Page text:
My daughter points to the gunman and asks, “Is that a bad man?”
We watch the terrible news unfold at the school shooting just minutes away, not realizing Blair has entered the living room.
I stare at her green eyes. It’s a yes-or-no question. But it’s not simple. Or concrete, like when we play Candyland and you pick the Lollipop card and take that spot on the board.
Instead of answering Blair, I’m silent. I think of the many school shootings that have rocked our nation since Columbine in 1999, most of which Blair, 5 years old, never heard of.
FULL COVERAGE: Marjory Stoneman Douglas High School shooting
The strip at the bottom of the television reads 17 dead at Marjory Stoneman Douglas High School. Seventeen. One of the worst school shootings on record.
I tell Blair that a sad, angry man hurt people and will go to jail, and that seems to satisfy her curiosity for the moment. Then I think of the 17 families that lost someone, and that hollow feeling returns to my stomach. The same punch to the gut every time I hear about another shooting.
So I do what I do when I get that sick feeling. I write. Get thoughts on paper. To try and make some sense.
I hammer it into my head. Yes, it happened at Douglas High, the pride of Parkland, a community known for its safety and close-knit families. Where I have friends.
According to reports, since the 2012 tragedy at Sandy Hook Elementary School in Newton, Connecticut, there has been an average of at least one school shooting per week.
So how do we stop it?
Fingers have pointed at violent video games and movies, mental illness, gangs, terrorism plots, cyberbullying, revenge, sparse gun control and social media gone wrong. To name a few.
Unlike the cards in Candyland, the answer isn’t easy. But I know this – every attacker in every shooting shares the fact they felt alone or alienated somehow. Shunned, ignored, humiliated, bullied, isolated.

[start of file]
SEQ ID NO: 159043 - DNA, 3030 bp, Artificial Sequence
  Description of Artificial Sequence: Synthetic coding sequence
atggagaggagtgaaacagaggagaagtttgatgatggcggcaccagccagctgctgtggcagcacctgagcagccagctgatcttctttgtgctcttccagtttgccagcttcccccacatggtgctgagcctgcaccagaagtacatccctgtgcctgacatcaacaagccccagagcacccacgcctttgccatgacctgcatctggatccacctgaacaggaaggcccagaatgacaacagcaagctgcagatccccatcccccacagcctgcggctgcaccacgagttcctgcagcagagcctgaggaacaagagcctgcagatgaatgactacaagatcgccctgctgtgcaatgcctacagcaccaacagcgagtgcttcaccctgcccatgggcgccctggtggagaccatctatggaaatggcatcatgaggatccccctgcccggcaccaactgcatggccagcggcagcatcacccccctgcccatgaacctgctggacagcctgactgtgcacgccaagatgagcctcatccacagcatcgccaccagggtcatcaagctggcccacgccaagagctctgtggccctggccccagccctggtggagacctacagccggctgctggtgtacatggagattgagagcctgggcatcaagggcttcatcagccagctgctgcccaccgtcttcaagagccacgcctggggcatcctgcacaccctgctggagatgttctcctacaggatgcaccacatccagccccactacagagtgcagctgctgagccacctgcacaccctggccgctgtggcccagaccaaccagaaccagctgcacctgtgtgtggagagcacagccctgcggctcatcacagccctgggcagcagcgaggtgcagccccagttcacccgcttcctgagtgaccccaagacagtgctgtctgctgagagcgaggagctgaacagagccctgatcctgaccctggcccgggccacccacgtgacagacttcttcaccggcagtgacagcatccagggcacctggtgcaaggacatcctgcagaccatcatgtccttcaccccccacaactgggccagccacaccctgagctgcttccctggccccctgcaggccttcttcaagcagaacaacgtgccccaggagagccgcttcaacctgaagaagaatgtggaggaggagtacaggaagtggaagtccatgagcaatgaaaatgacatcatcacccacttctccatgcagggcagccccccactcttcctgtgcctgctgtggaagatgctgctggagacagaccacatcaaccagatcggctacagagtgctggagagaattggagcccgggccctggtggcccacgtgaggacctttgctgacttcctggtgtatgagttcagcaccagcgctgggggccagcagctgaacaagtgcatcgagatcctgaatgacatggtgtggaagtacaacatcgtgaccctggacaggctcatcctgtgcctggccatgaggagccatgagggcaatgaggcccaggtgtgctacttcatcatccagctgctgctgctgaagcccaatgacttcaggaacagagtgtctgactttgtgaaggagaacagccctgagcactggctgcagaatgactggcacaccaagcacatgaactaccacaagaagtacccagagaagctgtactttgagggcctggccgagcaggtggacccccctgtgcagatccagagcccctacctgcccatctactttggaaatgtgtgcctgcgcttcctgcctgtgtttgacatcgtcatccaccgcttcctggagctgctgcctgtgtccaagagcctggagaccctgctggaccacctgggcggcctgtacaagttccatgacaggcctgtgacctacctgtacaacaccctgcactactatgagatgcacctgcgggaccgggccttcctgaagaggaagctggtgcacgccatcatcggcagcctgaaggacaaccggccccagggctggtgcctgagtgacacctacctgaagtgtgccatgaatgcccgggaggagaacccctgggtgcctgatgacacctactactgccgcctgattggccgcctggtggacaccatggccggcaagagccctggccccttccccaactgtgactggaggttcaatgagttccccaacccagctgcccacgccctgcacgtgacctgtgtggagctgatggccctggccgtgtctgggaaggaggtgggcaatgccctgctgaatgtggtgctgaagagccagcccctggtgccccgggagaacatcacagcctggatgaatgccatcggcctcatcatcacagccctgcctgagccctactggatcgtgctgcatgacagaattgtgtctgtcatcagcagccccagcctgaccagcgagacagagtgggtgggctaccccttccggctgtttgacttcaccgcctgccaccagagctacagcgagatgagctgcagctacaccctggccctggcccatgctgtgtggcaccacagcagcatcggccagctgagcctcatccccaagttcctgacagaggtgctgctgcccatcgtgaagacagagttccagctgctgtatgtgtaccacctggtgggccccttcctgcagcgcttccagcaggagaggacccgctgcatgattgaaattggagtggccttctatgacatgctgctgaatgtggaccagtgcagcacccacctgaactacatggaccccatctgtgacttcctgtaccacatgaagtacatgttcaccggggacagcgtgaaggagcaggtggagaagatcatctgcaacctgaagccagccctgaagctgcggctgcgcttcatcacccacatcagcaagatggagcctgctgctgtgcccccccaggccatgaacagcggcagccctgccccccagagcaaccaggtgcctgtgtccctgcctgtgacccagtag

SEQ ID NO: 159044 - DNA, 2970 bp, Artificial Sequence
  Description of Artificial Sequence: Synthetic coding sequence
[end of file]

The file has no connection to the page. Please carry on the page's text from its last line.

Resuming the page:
The two killers in the Columbine shootings were constantly harassed and bullied, and one of them wrote in his journal about his hatred for the human race.
Another shooting occurred in 2007 that killed 32 people on Virginia Tech’s campus. Picked on by other students at a young age, the shooter was described by his college professors as a troubled loner.
The shooter of the Newtown massacre was described in various articles as friendless and isolated.
Every time a shooting happens, I look at pictures of the slain and that knot tightens in in my stomach.
All because of attackers so utterly lost that they resort to the unthinkable.
It used to be okay to feel alone. In “Oh the Places You’ll Go,” Dr. Seuss says alone is something you’ll be quite a lot. But in the end you’ll succeed, “98 ¾ percent guaranteed”.
Now, being alone is a crisis. Somehow, we’ve lost our ability to cope. And have hope for someone utterly abandoned from the American dream of love and family that’s supposed to be so easy to reach.
As I kiss my daughter good night, I look deep into her green eyes. She wraps her arms around my neck and squeezes tight. She’s tucked safely under the covers. The television is still on in the other room, recounting the day’s carnage.
Yes, Blair, there are bad men in the world. Lost, hopeless, desperate, and alone bad men. Some live nearby, and I can’t always protect you from them. And I’ll never be the same.
FARAN FAGEN, CORAL SPRINGS
Editor’s note: Fagen is a teacher at Pembroke Pines Charter High School in Broward County. His daughter, Emily, attends a pre-school program at Taravella High in Coral Springs.